Published 30th August 2006, 12:2pm
Failure to have a standard health insurance contract in place for a security guard cost his employer a fine of $500.
Failure to have a health insurance contract in place for himself cost the employer another $500.
The fines were imposed by Magistrate Grace Donalds after Garth Ebanks pleaded guilty on behalf of his company, W5 Security Services Ltd.
The matter came before the Summary Court for the first time on Tuesday and was dealt with the same day.
Both charges covered the same time frame, between 23 December 2005 and 26 July 2006.
Crown Counsel Tanya Lobban said the first charge was based on a complaint by a security guard working with W5. He told the Health Insurance Commission that Mr. Ebanks had not effected health insurance for him.
The employee said he had begun work in September 2004 and had asked over and over about health insurance. He said the employer promised to look into it, but that had not been done.
According to the procedure laid down in law, the Health Insurance Commission wrote to the employer, but there was no reply. A second letter was sent and there was no reply.
A third letter warned the employer of prosecution.
At that stage, the employer said he was looking for a reasonable policy for his employees. He said he had spoken with them and they all refused to sign the relevant forms.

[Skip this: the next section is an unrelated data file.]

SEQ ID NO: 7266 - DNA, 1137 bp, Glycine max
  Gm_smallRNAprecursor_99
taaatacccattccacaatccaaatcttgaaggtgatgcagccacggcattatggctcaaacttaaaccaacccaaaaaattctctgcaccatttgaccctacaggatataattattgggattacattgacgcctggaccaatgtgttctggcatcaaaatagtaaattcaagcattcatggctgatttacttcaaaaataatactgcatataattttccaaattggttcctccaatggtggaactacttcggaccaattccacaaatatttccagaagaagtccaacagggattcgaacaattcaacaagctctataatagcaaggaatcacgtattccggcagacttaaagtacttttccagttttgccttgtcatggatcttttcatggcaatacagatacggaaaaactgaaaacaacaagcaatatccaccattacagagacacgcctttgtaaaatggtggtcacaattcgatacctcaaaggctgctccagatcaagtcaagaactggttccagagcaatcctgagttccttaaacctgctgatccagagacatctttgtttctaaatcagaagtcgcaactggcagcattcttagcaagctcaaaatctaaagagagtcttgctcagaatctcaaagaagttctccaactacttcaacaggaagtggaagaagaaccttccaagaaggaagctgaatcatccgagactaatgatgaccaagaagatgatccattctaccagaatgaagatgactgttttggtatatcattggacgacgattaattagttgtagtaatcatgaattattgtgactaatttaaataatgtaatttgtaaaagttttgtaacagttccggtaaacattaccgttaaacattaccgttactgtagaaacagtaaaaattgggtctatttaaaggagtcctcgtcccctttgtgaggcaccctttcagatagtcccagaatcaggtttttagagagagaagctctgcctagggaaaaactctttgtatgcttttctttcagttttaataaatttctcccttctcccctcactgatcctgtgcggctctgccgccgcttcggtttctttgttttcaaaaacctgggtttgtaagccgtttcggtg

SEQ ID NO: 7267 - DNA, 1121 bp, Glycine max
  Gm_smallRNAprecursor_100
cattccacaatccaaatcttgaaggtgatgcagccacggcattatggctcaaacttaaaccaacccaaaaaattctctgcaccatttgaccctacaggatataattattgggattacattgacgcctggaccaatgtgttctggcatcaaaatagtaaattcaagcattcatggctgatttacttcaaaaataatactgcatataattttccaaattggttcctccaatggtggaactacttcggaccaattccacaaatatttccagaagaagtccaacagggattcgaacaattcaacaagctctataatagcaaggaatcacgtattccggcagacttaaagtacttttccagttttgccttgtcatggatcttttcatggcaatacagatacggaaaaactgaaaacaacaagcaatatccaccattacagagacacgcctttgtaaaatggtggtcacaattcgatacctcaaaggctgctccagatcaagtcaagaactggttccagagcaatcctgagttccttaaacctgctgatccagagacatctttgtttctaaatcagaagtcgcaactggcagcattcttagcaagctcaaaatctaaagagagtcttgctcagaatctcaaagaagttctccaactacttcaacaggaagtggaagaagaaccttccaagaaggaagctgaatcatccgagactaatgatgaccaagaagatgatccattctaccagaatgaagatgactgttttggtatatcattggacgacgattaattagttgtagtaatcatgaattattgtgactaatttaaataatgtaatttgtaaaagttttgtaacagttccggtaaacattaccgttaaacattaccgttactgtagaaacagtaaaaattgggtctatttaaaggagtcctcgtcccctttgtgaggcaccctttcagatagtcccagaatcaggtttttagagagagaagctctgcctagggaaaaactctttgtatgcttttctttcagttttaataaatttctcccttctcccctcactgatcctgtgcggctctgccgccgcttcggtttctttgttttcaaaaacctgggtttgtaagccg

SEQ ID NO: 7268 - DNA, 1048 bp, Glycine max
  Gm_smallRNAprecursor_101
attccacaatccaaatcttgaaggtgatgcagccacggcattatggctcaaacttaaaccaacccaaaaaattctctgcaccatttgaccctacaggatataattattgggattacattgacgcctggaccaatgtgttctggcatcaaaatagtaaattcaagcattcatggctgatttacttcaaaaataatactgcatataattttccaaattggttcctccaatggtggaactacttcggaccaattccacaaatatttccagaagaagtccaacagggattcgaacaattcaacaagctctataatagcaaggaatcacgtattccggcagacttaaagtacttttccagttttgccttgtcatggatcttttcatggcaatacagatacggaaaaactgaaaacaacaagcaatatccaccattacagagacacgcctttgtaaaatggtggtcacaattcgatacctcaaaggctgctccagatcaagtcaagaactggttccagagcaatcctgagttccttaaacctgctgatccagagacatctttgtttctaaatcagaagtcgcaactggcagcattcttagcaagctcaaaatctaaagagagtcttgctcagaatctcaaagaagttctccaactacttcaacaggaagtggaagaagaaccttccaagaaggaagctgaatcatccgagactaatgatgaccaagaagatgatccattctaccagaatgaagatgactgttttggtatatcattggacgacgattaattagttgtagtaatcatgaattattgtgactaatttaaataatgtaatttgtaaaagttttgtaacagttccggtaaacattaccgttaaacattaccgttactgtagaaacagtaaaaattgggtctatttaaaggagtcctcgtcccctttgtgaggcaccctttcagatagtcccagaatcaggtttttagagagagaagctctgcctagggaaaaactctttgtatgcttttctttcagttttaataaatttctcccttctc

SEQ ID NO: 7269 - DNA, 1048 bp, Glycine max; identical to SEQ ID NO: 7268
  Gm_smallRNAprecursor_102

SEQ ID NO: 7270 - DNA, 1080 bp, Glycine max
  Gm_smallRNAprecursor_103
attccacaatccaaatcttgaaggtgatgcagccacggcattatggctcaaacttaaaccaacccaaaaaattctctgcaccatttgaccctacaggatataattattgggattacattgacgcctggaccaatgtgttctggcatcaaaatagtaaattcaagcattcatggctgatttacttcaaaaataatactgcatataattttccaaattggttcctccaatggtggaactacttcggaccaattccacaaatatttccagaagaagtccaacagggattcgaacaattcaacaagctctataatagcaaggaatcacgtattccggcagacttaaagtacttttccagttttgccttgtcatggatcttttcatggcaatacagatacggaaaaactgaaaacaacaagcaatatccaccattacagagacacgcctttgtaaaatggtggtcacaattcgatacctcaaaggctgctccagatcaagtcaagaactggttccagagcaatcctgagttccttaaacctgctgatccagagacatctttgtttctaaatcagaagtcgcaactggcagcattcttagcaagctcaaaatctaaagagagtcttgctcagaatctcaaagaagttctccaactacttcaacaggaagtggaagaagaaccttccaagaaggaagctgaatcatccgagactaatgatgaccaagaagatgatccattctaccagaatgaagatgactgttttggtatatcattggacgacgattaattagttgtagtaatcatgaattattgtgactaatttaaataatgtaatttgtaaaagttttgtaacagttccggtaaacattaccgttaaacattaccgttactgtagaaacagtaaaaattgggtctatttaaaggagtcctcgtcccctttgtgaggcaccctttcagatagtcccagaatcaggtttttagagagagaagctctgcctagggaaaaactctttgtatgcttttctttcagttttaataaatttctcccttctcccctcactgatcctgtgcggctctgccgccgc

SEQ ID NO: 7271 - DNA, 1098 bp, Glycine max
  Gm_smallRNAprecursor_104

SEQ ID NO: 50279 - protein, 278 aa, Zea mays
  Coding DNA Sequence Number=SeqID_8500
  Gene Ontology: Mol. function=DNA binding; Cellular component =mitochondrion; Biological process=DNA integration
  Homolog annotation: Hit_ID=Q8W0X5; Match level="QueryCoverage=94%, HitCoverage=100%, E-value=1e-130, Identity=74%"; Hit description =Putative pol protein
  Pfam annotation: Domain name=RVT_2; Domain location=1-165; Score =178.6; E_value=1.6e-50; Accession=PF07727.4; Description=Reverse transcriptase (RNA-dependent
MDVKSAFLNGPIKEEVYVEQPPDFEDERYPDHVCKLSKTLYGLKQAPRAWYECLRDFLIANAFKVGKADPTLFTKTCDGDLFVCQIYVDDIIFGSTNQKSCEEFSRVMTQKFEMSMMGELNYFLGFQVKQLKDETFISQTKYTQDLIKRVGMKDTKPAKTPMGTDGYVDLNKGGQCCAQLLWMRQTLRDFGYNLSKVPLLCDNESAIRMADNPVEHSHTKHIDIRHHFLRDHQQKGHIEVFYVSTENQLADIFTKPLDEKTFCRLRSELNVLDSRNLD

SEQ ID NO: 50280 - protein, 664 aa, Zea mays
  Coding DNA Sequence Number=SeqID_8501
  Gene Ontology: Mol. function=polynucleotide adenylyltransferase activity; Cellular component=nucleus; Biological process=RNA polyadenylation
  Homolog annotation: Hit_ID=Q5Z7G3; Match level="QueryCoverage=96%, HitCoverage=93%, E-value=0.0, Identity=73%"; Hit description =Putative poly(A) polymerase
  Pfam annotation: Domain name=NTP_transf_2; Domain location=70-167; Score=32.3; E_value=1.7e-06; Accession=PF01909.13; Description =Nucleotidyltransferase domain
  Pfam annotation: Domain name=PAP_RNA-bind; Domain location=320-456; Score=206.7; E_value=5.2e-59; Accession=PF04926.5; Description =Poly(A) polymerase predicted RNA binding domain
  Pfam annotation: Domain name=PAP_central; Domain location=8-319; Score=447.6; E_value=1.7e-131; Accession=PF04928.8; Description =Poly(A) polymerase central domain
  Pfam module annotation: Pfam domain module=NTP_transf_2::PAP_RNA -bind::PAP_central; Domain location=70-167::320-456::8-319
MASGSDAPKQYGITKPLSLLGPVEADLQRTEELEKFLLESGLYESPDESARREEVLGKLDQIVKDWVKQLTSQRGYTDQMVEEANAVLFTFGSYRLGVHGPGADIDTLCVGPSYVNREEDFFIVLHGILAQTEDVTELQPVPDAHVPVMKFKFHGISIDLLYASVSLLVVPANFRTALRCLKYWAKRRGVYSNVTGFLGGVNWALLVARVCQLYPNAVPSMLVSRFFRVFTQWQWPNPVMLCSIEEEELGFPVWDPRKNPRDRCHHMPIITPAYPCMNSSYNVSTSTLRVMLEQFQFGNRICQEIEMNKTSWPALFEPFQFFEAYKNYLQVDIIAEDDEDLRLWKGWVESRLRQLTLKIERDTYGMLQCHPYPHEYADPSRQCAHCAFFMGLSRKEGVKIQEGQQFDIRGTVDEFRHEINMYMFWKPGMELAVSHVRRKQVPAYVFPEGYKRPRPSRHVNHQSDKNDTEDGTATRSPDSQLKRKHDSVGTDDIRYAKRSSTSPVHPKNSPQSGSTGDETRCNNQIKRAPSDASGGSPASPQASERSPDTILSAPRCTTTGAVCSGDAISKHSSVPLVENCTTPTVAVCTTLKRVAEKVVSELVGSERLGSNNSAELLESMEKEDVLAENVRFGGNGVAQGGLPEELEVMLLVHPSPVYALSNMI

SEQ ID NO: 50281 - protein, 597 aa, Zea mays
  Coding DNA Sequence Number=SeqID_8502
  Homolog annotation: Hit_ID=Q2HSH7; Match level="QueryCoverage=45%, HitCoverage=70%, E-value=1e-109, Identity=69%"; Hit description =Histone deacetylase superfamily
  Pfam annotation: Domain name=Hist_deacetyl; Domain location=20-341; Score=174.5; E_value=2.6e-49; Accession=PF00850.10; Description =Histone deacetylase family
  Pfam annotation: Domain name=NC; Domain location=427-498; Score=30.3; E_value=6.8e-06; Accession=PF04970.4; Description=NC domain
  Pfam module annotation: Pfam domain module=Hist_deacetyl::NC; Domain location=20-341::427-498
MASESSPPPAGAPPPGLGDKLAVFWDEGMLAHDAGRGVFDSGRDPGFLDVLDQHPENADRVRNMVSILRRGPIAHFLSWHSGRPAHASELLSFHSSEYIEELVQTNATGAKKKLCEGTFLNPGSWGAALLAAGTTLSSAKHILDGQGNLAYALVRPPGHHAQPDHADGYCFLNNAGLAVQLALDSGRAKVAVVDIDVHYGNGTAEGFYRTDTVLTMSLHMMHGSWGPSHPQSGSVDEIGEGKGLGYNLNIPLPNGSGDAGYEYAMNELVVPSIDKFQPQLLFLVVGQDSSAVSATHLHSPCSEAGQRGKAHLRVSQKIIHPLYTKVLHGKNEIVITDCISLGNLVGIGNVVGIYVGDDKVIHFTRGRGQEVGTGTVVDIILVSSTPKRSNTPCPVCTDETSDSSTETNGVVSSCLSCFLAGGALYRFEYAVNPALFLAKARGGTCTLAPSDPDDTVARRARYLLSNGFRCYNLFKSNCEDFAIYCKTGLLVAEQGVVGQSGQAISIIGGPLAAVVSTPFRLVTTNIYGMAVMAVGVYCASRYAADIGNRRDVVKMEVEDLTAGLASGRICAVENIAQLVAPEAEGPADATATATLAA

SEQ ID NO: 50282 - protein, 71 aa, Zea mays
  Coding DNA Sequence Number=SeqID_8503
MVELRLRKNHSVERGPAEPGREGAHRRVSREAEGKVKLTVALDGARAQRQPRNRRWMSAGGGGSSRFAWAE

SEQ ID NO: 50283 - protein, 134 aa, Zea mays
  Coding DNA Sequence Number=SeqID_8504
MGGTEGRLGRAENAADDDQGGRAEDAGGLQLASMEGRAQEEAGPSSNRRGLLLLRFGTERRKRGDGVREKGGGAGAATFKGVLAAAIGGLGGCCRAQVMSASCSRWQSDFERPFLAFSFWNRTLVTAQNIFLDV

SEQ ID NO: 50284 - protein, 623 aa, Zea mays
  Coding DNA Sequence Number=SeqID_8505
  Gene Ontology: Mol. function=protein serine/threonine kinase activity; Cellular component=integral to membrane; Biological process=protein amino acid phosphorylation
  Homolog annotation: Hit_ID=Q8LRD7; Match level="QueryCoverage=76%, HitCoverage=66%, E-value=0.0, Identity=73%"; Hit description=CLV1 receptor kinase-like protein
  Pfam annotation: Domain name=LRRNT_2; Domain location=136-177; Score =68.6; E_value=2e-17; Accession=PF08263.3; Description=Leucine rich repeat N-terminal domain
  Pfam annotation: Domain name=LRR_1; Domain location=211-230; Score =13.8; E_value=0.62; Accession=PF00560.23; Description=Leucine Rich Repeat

For himself, he said he had coverage through his spouse’s insurance. This turned out to be not true.
In court, the magistrate asked if he had anything to say. She noted that the company was charged, not the individual. There was no defence attorney and Mr. Ebanks spoke on behalf of the company.
He said he had spoken to his employees and they remained the same. He apologised to the court that he did not proceed to get the insurance. He said he would go ahead and get it and bring it back to court to show.
The magistrate told him it would be a continuing offence if he did not get the insurance.
The maximum penalty under the law is $5,000. The court may also impose a fine of $100 per day for each day the offence continues.
There is currently another case before the court that involves an employer’s alleged failure to provide health insurance for an employee. Cayman Elite Ltd. and Wendel Wendel have pleaded not guilty. The part–heard trial was scheduled to resume on 23 October (Caymanian Compass, 10 August).